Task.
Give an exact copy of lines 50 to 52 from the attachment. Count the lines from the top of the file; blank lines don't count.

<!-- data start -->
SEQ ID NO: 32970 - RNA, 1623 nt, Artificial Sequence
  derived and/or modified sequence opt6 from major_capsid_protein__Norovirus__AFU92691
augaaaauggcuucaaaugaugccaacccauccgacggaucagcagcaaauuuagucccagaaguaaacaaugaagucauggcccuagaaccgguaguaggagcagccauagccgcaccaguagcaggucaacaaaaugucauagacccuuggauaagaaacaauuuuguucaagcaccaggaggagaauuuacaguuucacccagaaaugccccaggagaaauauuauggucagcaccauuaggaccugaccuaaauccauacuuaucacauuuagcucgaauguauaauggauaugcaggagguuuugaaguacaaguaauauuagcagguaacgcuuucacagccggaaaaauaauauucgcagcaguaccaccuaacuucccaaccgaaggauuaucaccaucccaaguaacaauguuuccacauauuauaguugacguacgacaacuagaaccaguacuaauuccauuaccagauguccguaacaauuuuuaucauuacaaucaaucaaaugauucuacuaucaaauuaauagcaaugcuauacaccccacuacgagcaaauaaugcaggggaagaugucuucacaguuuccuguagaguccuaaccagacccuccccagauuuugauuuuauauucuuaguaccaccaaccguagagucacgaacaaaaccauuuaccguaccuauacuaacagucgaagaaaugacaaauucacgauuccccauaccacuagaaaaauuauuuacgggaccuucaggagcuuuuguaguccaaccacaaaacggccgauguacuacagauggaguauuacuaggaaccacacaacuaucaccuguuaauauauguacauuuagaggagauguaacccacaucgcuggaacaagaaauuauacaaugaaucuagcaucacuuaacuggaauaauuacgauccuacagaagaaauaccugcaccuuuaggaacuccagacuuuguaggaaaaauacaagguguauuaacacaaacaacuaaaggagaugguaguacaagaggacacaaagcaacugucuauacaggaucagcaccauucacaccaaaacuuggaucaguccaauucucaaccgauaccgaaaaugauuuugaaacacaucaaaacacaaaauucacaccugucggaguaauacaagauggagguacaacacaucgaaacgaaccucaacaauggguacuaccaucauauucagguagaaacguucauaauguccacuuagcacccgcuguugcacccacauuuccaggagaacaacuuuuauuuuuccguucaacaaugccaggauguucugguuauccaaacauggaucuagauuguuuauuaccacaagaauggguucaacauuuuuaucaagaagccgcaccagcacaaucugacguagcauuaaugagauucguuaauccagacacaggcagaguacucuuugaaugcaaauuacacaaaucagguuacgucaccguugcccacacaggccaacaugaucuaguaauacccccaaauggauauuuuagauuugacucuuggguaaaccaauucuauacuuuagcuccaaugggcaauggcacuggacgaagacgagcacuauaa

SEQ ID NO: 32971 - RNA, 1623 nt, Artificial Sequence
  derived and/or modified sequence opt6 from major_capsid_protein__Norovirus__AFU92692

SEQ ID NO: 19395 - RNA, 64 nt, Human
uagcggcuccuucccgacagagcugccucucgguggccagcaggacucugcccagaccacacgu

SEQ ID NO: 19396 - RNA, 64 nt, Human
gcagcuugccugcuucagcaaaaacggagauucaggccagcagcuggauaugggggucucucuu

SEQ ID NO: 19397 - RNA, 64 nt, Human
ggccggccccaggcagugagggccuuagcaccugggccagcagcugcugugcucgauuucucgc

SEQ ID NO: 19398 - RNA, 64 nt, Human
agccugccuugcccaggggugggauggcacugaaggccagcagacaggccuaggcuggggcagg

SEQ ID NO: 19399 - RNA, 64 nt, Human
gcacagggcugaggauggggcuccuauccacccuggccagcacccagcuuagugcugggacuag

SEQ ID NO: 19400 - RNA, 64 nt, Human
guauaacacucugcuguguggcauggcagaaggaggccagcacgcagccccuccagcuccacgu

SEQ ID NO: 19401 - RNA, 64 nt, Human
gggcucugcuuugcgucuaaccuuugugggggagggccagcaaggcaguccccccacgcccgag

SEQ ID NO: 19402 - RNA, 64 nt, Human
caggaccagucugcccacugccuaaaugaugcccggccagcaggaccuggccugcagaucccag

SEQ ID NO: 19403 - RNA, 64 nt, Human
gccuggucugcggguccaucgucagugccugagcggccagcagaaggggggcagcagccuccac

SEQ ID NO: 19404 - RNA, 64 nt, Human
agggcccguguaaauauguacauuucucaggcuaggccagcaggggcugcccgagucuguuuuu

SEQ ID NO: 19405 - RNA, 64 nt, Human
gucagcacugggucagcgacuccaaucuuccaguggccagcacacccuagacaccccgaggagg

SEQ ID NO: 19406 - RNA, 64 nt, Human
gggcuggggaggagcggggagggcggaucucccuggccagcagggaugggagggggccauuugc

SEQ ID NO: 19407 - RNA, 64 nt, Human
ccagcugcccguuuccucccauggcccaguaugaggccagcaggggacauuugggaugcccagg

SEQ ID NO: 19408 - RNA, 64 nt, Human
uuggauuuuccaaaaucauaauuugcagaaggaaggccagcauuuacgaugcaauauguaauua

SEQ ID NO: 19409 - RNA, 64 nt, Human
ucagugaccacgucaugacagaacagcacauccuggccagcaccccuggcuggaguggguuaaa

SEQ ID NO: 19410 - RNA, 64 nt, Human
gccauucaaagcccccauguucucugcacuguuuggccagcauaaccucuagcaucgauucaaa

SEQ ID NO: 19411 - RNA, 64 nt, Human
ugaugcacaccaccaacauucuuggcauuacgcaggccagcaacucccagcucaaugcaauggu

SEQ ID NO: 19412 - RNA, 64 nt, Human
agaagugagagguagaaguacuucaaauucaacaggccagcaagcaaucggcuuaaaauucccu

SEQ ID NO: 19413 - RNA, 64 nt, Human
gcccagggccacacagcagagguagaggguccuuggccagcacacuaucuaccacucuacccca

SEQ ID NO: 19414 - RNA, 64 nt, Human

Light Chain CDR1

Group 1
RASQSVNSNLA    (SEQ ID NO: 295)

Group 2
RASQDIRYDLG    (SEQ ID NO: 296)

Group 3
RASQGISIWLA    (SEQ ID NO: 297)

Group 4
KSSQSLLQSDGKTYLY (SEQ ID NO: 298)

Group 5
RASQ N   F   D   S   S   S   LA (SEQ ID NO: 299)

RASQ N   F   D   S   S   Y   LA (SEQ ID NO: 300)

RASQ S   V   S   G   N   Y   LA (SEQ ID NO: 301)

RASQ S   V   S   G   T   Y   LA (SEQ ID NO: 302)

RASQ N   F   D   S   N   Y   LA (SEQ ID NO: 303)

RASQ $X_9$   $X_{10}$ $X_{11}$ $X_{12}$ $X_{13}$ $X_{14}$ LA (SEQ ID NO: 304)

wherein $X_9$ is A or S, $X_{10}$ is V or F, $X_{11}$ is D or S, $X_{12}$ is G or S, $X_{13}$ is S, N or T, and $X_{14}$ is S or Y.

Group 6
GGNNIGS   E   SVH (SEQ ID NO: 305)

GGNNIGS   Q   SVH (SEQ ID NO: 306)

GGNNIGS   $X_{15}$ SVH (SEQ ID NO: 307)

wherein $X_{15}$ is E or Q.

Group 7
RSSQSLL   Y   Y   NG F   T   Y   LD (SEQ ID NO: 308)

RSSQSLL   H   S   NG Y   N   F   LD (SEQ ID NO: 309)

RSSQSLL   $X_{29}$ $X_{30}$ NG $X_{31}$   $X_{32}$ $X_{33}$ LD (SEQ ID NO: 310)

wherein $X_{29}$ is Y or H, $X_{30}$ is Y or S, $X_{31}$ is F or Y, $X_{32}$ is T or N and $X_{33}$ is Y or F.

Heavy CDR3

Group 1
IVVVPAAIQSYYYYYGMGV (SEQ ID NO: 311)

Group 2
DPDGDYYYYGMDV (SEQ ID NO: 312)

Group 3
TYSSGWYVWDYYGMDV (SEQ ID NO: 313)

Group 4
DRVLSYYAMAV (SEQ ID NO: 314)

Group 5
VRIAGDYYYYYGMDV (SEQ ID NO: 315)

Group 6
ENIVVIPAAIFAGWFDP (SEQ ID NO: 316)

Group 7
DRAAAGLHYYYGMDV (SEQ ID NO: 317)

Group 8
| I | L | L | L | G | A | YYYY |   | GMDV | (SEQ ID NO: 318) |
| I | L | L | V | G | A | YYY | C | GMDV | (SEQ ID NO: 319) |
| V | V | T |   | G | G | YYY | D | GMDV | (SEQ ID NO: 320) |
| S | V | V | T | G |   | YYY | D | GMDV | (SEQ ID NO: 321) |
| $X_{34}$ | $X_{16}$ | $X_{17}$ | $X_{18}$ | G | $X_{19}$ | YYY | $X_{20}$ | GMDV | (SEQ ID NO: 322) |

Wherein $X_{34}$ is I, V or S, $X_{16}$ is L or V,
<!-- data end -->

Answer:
Group 3
RASQGISIWLA    (SEQ ID NO: 297)

Group 4